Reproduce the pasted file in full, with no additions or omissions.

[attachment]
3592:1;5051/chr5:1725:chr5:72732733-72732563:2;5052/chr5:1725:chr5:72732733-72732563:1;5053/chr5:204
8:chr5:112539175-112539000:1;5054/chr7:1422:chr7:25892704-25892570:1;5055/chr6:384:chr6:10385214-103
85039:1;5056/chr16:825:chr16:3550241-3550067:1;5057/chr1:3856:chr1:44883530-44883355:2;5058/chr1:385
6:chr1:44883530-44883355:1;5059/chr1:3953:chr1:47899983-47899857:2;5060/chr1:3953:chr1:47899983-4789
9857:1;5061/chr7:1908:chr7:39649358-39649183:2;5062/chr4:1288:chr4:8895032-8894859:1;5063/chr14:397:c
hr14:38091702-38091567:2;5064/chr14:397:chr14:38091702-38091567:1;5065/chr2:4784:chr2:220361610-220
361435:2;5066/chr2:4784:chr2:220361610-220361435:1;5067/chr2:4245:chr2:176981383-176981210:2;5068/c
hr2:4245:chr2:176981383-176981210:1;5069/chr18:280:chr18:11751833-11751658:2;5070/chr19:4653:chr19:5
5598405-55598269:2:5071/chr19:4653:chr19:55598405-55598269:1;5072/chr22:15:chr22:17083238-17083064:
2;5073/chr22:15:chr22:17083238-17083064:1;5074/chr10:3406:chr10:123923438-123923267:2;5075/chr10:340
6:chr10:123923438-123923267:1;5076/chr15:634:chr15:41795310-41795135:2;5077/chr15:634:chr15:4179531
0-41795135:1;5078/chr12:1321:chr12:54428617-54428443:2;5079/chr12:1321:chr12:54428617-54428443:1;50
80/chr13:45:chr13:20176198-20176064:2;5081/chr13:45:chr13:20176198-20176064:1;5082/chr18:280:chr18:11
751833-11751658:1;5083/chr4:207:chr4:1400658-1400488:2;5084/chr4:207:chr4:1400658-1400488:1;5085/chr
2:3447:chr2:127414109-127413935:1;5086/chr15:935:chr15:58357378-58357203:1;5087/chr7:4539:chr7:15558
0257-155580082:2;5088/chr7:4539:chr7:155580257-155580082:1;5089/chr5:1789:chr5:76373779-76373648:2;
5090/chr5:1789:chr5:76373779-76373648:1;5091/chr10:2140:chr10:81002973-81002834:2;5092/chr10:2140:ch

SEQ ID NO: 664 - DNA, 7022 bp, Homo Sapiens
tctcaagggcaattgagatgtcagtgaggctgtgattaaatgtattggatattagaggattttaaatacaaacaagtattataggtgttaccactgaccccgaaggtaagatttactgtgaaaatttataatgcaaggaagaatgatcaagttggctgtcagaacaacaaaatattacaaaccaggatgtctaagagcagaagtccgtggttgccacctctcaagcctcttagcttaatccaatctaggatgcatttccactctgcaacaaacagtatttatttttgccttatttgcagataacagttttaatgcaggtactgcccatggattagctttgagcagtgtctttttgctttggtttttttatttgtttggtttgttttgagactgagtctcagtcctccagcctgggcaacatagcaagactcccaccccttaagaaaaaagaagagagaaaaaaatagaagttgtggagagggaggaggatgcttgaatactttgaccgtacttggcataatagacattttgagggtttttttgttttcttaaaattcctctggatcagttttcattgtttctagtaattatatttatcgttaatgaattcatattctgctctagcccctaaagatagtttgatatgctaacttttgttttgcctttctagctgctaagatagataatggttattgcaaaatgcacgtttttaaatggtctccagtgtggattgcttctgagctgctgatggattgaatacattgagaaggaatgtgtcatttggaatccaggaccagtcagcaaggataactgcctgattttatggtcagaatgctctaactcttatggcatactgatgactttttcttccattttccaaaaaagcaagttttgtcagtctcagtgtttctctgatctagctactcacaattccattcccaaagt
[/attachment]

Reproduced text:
3592:1;5051/chr5:1725:chr5:72732733-72732563:2;5052/chr5:1725:chr5:72732733-72732563:1;5053/chr5:204
8:chr5:112539175-112539000:1;5054/chr7:1422:chr7:25892704-25892570:1;5055/chr6:384:chr6:10385214-103
85039:1;5056/chr16:825:chr16:3550241-3550067:1;5057/chr1:3856:chr1:44883530-44883355:2;5058/chr1:385
6:chr1:44883530-44883355:1;5059/chr1:3953:chr1:47899983-47899857:2;5060/chr1:3953:chr1:47899983-4789
9857:1;5061/chr7:1908:chr7:39649358-39649183:2;5062/chr4:1288:chr4:8895032-8894859:1;5063/chr14:397:c
hr14:38091702-38091567:2;5064/chr14:397:chr14:38091702-38091567:1;5065/chr2:4784:chr2:220361610-220
361435:2;5066/chr2:4784:chr2:220361610-220361435:1;5067/chr2:4245:chr2:176981383-176981210:2;5068/c
hr2:4245:chr2:176981383-176981210:1;5069/chr18:280:chr18:11751833-11751658:2;5070/chr19:4653:chr19:5
5598405-55598269:2:5071/chr19:4653:chr19:55598405-55598269:1;5072/chr22:15:chr22:17083238-17083064:
2;5073/chr22:15:chr22:17083238-17083064:1;5074/chr10:3406:chr10:123923438-123923267:2;5075/chr10:340
6:chr10:123923438-123923267:1;5076/chr15:634:chr15:41795310-41795135:2;5077/chr15:634:chr15:4179531
0-41795135:1;5078/chr12:1321:chr12:54428617-54428443:2;5079/chr12:1321:chr12:54428617-54428443:1;50
80/chr13:45:chr13:20176198-20176064:2;5081/chr13:45:chr13:20176198-20176064:1;5082/chr18:280:chr18:11
751833-11751658:1;5083/chr4:207:chr4:1400658-1400488:2;5084/chr4:207:chr4:1400658-1400488:1;5085/chr
2:3447:chr2:127414109-127413935:1;5086/chr15:935:chr15:58357378-58357203:1;5087/chr7:4539:chr7:15558
0257-155580082:2;5088/chr7:4539:chr7:155580257-155580082:1;5089/chr5:1789:chr5:76373779-76373648:2;
5090/chr5:1789:chr5:76373779-76373648:1;5091/chr10:2140:chr10:81002973-81002834:2;5092/chr10:2140:ch

SEQ ID NO: 664 - DNA, 7022 bp, Homo Sapiens
tctcaagggcaattgagatgtcagtgaggctgtgattaaatgtattggatattagaggattttaaatacaaacaagtattataggtgttaccactgaccccgaaggtaagatttactgtgaaaatttataatgcaaggaagaatgatcaagttggctgtcagaacaacaaaatattacaaaccaggatgtctaagagcagaagtccgtggttgccacctctcaagcctcttagcttaatccaatctaggatgcatttccactctgcaacaaacagtatttatttttgccttatttgcagataacagttttaatgcaggtactgcccatggattagctttgagcagtgtctttttgctttggtttttttatttgtttggtttgttttgagactgagtctcagtcctccagcctgggcaacatagcaagactcccaccccttaagaaaaaagaagagagaaaaaaatagaagttgtggagagggaggaggatgcttgaatactttgaccgtacttggcataatagacattttgagggtttttttgttttcttaaaattcctctggatcagttttcattgtttctagtaattatatttatcgttaatgaattcatattctgctctagcccctaaagatagtttgatatgctaacttttgttttgcctttctagctgctaagatagataatggttattgcaaaatgcacgtttttaaatggtctccagtgtggattgcttctgagctgctgatggattgaatacattgagaaggaatgtgtcatttggaatccaggaccagtcagcaaggataactgcctgattttatggtcagaatgctctaactcttatggcatactgatgactttttcttccattttccaaaaaagcaagttttgtcagtctcagtgtttctctgatctagctactcacaattccattcccaaagt